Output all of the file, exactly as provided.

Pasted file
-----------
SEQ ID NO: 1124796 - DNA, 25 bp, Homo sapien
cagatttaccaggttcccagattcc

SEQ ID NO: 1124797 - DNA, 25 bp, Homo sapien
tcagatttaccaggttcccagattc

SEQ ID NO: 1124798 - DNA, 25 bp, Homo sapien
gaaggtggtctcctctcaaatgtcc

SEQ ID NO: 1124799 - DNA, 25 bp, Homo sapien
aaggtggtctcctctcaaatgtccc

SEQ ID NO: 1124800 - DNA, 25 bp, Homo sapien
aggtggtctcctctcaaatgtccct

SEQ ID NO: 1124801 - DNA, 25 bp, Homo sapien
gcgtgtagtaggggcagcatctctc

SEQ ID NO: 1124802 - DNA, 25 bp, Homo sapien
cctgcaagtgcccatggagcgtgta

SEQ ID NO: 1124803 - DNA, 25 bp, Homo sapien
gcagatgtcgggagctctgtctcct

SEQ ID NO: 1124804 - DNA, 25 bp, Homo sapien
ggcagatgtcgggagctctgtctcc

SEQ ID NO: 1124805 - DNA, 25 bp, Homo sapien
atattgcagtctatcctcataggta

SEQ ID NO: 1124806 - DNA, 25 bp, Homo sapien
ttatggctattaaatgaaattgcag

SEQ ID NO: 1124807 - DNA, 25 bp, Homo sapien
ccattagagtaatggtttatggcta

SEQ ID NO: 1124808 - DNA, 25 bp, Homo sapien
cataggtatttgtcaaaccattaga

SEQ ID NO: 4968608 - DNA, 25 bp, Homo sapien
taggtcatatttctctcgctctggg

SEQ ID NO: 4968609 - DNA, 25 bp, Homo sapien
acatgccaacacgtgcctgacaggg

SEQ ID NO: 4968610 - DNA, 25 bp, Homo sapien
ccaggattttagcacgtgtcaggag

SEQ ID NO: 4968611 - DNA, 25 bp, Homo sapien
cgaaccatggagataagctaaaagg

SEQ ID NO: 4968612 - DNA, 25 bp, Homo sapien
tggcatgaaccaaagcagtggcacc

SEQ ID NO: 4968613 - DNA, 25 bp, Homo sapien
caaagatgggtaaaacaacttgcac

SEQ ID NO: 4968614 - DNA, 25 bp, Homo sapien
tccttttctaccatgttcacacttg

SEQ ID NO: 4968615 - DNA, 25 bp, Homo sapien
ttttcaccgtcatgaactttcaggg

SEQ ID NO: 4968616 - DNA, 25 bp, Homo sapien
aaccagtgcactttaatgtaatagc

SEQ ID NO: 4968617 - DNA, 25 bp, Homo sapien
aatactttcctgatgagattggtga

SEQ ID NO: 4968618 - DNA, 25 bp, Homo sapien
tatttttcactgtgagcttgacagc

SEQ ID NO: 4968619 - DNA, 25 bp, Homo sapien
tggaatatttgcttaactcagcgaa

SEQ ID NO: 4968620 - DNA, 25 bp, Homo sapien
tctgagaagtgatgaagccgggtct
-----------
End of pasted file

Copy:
SEQ ID NO: 1124796 - DNA, 25 bp, Homo sapien
cagatttaccaggttcccagattcc

SEQ ID NO: 1124797 - DNA, 25 bp, Homo sapien
tcagatttaccaggttcccagattc

SEQ ID NO: 1124798 - DNA, 25 bp, Homo sapien
gaaggtggtctcctctcaaatgtcc

SEQ ID NO: 1124799 - DNA, 25 bp, Homo sapien
aaggtggtctcctctcaaatgtccc

SEQ ID NO: 1124800 - DNA, 25 bp, Homo sapien
aggtggtctcctctcaaatgtccct

SEQ ID NO: 1124801 - DNA, 25 bp, Homo sapien
gcgtgtagtaggggcagcatctctc

SEQ ID NO: 1124802 - DNA, 25 bp, Homo sapien
cctgcaagtgcccatggagcgtgta

SEQ ID NO: 1124803 - DNA, 25 bp, Homo sapien
gcagatgtcgggagctctgtctcct

SEQ ID NO: 1124804 - DNA, 25 bp, Homo sapien
ggcagatgtcgggagctctgtctcc

SEQ ID NO: 1124805 - DNA, 25 bp, Homo sapien
atattgcagtctatcctcataggta

SEQ ID NO: 1124806 - DNA, 25 bp, Homo sapien
ttatggctattaaatgaaattgcag

SEQ ID NO: 1124807 - DNA, 25 bp, Homo sapien
ccattagagtaatggtttatggcta

SEQ ID NO: 1124808 - DNA, 25 bp, Homo sapien
cataggtatttgtcaaaccattaga

SEQ ID NO: 4968608 - DNA, 25 bp, Homo sapien
taggtcatatttctctcgctctggg

SEQ ID NO: 4968609 - DNA, 25 bp, Homo sapien
acatgccaacacgtgcctgacaggg

SEQ ID NO: 4968610 - DNA, 25 bp, Homo sapien
ccaggattttagcacgtgtcaggag

SEQ ID NO: 4968611 - DNA, 25 bp, Homo sapien
cgaaccatggagataagctaaaagg

SEQ ID NO: 4968612 - DNA, 25 bp, Homo sapien
tggcatgaaccaaagcagtggcacc

SEQ ID NO: 4968613 - DNA, 25 bp, Homo sapien
caaagatgggtaaaacaacttgcac

SEQ ID NO: 4968614 - DNA, 25 bp, Homo sapien
tccttttctaccatgttcacacttg

SEQ ID NO: 4968615 - DNA, 25 bp, Homo sapien
ttttcaccgtcatgaactttcaggg

SEQ ID NO: 4968616 - DNA, 25 bp, Homo sapien
aaccagtgcactttaatgtaatagc

SEQ ID NO: 4968617 - DNA, 25 bp, Homo sapien
aatactttcctgatgagattggtga

SEQ ID NO: 4968618 - DNA, 25 bp, Homo sapien
tatttttcactgtgagcttgacagc

SEQ ID NO: 4968619 - DNA, 25 bp, Homo sapien
tggaatatttgcttaactcagcgaa

SEQ ID NO: 4968620 - DNA, 25 bp, Homo sapien
tctgagaagtgatgaagccgggtct